India is getting a Hyperloop. The 149km journey between Mumbai and Pune takes around 2.5hrs by car, or 3+ hrs by train, but with Hyperloop, that time is set to be slashed to just 25 minutes. Right now more than 130,000 vehicles take that journey, so there’s a massive potential market for the service.
Today what we have is an announcement by the Indian State of Maharashtra of their intent to build a fully operational Hyperloop between the two destinations, but it is important to remember its early days. Today’s announcement comes off the back of a 6-week pre-feasibility report, with a further feasibility study over the next six-months to follow. The plan is to start with a fully-operational demonstration track which will help prove the technology and calm any nerves about safety issues with the public, before proceeding to the real thing if all goes well.
Given how new this new mode of transport is, it is not surprising the plan is multi-stage, heavily reliant on successful milestones, before racing to the final product.
As Virgin Hyperloop One Chairman, I’m incredibly excited about the potential to truly transform not just transportation, but wider society.
Virgin Hyperloop One can help India become a global transportation pioneer and forge a new world-changing industry.
As our team’s studies have found, the Pune-Mumbai route could result in USD $55 billion in socio-economic benefits, time savings, accident reduction and operational cost savings, over 30 years of operation.
He went on to say that the Pune-Mumbai route is an ideal first corridor as part of a national hyperloop network that will dramatically reduce travel times between most of India’s major cities to under two hours. India has a population of around 1.3 Billion people, which means they potentially have the most to gain by reducing the friction (time and cost) for transport between destinations.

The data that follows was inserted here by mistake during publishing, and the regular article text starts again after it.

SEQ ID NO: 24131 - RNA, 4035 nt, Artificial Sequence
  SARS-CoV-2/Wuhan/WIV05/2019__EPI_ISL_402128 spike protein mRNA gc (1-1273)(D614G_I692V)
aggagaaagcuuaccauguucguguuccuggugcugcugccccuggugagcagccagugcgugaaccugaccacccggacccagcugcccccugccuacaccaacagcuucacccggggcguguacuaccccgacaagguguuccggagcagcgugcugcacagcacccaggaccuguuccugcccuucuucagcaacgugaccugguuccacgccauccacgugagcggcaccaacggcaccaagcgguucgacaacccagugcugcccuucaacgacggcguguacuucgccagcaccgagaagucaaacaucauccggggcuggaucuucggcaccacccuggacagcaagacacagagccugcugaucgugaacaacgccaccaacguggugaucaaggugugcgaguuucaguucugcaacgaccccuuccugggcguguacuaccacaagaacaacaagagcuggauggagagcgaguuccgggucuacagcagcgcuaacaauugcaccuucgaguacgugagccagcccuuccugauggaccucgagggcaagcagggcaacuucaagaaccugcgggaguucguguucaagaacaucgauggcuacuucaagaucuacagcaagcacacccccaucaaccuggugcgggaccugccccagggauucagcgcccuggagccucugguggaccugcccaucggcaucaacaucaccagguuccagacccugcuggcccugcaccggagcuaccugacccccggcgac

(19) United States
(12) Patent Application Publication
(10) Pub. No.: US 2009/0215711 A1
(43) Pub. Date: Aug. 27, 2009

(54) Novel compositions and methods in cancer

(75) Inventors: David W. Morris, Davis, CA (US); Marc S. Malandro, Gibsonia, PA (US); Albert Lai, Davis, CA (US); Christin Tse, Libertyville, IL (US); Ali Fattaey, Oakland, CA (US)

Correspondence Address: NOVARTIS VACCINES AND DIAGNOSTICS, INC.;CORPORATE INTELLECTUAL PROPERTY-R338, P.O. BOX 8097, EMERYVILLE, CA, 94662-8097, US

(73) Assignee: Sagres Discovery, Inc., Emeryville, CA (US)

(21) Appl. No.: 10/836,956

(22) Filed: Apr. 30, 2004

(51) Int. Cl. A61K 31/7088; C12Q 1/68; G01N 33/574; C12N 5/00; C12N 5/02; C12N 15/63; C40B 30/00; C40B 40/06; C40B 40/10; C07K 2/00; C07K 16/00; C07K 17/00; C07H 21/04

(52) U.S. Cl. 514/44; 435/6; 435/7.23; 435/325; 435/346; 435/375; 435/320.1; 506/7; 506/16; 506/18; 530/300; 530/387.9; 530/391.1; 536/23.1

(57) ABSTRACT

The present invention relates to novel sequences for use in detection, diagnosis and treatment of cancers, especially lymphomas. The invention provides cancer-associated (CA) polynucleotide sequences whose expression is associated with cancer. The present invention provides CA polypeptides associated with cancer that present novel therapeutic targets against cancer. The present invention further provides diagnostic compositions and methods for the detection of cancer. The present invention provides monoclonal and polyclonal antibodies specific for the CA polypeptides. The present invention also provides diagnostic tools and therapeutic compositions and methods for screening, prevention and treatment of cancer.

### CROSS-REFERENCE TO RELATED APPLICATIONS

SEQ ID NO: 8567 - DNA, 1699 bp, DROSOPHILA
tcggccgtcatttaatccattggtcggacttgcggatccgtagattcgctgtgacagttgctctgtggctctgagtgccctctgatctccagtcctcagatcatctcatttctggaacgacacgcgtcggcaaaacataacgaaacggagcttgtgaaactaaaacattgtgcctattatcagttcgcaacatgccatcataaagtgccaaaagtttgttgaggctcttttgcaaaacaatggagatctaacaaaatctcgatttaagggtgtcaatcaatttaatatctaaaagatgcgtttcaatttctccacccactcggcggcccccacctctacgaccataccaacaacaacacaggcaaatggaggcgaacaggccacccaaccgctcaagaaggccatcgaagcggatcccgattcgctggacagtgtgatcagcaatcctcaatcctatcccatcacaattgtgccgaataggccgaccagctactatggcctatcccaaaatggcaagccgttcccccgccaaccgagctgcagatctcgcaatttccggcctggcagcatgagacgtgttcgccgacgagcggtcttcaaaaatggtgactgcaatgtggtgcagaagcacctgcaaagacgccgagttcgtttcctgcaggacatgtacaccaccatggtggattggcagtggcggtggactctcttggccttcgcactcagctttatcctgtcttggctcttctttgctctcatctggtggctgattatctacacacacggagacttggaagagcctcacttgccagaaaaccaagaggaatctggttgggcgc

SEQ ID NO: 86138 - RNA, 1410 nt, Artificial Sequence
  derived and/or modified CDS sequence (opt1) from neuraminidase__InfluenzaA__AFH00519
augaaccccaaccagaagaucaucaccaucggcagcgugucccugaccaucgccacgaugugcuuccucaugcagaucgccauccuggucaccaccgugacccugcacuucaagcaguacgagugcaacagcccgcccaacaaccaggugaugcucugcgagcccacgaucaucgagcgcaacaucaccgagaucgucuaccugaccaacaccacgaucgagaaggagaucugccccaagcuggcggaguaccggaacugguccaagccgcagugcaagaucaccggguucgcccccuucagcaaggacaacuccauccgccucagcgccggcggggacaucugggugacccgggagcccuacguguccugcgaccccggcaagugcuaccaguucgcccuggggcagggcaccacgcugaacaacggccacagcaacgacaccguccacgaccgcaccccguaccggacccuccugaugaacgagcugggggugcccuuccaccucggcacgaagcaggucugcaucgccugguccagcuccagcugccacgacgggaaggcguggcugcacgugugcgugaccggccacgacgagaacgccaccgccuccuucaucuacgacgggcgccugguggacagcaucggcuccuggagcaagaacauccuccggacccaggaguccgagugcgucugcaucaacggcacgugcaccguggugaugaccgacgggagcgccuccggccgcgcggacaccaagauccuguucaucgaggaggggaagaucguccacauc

Pune Metropolitan Region Development Authority (PMRDA) CEO, Kiran Gitte said,
Mumbai and Pune are the two largest cities in the Maharashtra State. Not only Maharashtra, but if you look at India, it’s one of the busiest transport corridors in the country. There is a very high-density of traffic between the two cities.
We want to establish superfast connectivity. Specifically, we want to look at futuristic technology which can handle not only the present traffic but also the exponential growth which we’ll see in these two cities.
For that, we believe that hyperloop is the best technology available. In the last two to three months, we’ve had a very exciting pre-feasibility study, and I think the Mumbai-Pune region will be the first in the country which will see this hyperloop implemented. I think the geography demands it and the demography also demands it. The technology solution provided with hyperloop will solve many of the problems that we have on our hands.
While we often think of Hyperloop as transporting people, that is certainly the plan, it’s also worth considering the potential economic benefits to having a freight network that runs at a much higher speed than road or rail.
The world is watching and with Dubai, the US and India now effectively signed up to trial Hyperloop, its just a matter of time before Australia, right?
More information at hyperloop-one.com